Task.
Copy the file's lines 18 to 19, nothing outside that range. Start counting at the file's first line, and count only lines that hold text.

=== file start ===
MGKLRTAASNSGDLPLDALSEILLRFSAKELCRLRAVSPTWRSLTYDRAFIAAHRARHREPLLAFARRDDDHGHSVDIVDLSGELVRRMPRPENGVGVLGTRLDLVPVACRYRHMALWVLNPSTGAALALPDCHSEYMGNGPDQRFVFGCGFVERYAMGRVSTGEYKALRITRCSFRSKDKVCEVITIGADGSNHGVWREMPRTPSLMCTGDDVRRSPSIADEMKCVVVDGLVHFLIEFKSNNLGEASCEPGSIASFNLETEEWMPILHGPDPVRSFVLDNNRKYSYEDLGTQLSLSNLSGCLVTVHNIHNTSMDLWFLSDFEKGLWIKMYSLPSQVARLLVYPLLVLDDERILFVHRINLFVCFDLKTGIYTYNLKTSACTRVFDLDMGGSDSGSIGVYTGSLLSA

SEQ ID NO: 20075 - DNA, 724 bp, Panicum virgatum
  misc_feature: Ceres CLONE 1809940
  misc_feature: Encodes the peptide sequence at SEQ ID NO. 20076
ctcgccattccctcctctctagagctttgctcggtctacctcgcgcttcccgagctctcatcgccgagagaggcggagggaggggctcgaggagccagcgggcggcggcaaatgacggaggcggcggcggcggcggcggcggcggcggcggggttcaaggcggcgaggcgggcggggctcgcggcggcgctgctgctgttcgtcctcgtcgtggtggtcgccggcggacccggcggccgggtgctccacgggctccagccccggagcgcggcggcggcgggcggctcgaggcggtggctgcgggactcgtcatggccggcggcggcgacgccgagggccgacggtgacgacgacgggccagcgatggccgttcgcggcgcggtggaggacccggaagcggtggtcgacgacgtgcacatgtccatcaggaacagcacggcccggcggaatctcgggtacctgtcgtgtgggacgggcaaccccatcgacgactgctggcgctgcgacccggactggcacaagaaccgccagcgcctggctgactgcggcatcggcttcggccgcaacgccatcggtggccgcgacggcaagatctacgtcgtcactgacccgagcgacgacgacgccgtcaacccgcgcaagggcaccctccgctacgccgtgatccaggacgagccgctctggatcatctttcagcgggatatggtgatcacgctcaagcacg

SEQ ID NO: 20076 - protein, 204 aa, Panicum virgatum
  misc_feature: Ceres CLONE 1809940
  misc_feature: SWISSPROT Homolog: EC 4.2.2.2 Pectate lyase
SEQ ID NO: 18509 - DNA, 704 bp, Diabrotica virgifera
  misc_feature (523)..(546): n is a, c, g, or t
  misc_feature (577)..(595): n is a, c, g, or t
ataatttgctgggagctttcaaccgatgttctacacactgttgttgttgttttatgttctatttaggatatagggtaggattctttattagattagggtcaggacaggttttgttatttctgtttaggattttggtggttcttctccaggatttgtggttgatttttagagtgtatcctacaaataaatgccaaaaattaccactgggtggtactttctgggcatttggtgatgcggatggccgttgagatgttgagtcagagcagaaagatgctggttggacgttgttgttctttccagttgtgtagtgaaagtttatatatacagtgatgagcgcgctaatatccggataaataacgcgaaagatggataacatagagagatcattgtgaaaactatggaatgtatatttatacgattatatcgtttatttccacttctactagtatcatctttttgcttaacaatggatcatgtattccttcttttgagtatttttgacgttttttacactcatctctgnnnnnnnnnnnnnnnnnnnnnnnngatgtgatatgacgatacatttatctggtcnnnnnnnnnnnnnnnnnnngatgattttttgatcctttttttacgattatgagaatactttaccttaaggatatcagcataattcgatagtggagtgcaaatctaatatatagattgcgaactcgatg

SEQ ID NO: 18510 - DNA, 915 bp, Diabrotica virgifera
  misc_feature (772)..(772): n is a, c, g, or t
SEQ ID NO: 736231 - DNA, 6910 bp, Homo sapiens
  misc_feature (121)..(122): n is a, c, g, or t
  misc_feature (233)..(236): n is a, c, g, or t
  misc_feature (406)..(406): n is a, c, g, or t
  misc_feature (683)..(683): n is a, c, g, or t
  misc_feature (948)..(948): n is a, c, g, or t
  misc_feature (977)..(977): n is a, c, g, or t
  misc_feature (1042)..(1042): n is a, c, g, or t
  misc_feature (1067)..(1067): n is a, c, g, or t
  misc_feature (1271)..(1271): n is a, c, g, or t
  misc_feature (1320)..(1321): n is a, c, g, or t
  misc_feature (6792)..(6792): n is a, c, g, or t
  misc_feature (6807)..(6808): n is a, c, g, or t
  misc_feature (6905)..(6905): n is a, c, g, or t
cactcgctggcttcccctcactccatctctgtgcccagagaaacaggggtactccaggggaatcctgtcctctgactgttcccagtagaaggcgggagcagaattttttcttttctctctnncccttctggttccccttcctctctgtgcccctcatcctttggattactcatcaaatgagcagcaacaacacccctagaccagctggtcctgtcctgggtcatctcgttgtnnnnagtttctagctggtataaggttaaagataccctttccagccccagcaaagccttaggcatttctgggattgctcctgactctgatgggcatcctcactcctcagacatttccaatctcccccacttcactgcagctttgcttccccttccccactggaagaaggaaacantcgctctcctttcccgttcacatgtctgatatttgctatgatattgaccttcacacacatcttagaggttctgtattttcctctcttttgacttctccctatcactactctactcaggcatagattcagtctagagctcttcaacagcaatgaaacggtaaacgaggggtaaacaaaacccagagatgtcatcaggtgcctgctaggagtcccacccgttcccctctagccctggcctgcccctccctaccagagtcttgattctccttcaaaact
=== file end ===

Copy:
  misc_feature (406)..(406): n is a, c, g, or t
  misc_feature (683)..(683): n is a, c, g, or t